Who shall be tested?

In a time, where test-driven-development (TDD) is becoming an established way to write a software you naturally write tons of (unit-)testing-code (that’s why it’s called test-driven).

OK, so you define some functionality, which should be exposed by a certain component. So you will most likely have a couple of public methods supporting this functionality. To make sure everything works as expected you write your usual testing-code.

So far so good. So imagine you have a couple of public methods exposing your predefined functionality, and a whole lot of other (private) methods doing some helper-stuff.

During the testing phase you will suddenly find out, some tests are failing. The good developer you are, you have messages associated with your asserts, so will have a clue on why something went wrong. But still, you will have to digg into your code to find, that some helper-methode is all over sudden screwing your whole component.

At this point in time you might want to write tests for those helper methods as well, just to make sure these helpers work expected – just like you do for your public methods. But wait, there is a problem! Usually your unit-tests will reside in a separate assembly, so you will not be able to call those private helper methods at all. But fortunatly there is help on the way … using reflection you can circumvent this problem.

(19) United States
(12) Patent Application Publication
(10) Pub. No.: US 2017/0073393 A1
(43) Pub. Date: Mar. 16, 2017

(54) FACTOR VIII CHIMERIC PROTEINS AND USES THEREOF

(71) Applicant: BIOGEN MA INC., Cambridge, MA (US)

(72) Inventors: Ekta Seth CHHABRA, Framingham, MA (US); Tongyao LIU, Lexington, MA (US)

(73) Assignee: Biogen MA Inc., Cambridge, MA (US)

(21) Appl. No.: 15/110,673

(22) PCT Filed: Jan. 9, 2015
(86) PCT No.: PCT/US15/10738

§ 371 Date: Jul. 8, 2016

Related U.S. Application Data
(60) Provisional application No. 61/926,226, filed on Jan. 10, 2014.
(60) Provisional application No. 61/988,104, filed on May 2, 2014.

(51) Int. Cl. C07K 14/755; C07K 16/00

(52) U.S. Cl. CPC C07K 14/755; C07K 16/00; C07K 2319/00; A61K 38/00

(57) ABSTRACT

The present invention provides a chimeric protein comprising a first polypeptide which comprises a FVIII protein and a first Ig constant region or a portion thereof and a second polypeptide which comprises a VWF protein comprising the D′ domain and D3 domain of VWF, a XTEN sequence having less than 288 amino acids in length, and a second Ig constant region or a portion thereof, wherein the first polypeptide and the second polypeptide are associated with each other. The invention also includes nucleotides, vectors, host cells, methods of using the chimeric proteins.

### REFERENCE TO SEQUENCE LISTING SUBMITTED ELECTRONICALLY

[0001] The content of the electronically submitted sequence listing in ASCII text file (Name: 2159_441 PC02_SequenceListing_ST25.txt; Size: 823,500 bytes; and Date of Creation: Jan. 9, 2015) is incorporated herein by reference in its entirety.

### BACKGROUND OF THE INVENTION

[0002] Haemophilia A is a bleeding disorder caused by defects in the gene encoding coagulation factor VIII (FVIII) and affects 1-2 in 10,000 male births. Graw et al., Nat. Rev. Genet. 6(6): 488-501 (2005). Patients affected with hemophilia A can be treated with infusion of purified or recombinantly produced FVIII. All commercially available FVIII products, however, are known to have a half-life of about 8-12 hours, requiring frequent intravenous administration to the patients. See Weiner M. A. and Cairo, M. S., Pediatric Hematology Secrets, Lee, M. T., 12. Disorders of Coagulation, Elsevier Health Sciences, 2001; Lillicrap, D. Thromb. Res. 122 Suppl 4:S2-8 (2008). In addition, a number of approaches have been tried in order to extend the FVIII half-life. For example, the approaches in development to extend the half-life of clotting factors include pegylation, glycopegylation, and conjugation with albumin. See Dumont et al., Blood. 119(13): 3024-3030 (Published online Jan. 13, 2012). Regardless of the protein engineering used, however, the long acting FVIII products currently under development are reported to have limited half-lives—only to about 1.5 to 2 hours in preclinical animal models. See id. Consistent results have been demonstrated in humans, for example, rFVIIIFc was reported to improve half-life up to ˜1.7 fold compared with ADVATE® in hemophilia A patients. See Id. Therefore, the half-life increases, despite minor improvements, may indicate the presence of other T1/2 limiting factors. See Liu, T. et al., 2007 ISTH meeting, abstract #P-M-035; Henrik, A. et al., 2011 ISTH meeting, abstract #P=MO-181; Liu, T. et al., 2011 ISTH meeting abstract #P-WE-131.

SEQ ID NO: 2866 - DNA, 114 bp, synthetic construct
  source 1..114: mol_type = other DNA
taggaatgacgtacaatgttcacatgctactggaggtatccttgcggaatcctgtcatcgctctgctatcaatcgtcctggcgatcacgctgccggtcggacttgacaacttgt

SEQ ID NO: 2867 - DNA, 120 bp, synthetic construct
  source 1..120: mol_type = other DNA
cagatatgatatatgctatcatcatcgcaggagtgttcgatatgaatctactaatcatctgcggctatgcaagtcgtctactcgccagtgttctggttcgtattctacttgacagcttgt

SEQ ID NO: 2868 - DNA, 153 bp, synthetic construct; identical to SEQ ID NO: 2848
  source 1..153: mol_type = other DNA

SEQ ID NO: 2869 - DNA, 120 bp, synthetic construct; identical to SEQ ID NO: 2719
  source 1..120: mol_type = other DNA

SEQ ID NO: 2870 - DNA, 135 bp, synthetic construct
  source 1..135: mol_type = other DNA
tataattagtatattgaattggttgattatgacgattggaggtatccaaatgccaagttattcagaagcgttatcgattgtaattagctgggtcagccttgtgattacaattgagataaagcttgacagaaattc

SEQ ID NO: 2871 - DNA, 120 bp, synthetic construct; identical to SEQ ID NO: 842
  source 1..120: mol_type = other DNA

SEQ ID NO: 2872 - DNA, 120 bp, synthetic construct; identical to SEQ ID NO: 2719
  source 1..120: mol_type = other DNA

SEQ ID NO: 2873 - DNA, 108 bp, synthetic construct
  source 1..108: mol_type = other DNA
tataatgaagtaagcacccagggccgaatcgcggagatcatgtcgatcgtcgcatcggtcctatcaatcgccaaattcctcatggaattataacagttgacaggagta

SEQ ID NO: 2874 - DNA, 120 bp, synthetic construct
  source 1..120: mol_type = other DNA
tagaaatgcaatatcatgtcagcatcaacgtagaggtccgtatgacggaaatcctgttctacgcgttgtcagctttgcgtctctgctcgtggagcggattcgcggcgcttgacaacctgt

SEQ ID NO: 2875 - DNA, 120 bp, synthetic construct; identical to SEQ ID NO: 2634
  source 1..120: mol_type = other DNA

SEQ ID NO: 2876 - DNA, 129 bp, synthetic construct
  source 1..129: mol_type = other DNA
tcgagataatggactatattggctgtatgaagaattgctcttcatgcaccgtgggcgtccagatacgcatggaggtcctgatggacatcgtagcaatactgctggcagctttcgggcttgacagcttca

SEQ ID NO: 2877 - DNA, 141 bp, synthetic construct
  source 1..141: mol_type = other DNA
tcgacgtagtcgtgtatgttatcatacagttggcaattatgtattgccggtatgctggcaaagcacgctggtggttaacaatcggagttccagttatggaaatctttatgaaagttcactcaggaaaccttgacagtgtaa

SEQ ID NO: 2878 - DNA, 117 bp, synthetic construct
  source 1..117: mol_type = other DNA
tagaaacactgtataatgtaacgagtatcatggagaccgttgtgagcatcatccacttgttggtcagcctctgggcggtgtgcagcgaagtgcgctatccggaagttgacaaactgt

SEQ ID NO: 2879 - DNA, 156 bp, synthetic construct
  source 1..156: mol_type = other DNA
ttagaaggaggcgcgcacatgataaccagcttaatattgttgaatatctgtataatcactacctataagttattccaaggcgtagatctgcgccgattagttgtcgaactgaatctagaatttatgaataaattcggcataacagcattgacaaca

Fortunatly MbUnit has already built in support, for testing such kind of methods using reflection.

Let’s assume you have a class called BusinessClass with a private helper methode DoSomething, which takes a string as a parameter, does some processing and returns some other string. So an appropriate test would be:

using System;
using MbUnit.Framework;
using MbUnit.Framework.Reflection;
public class SampleTests
public void DoSomethingTest()
BusinessClass foo = new BusinessClass();
string output = (string)Reflector.InvokeMethod(AccessModifier.NonPublic, foo, "DoSomething", "my input string");
Assert.AreEqual("my output string", output);

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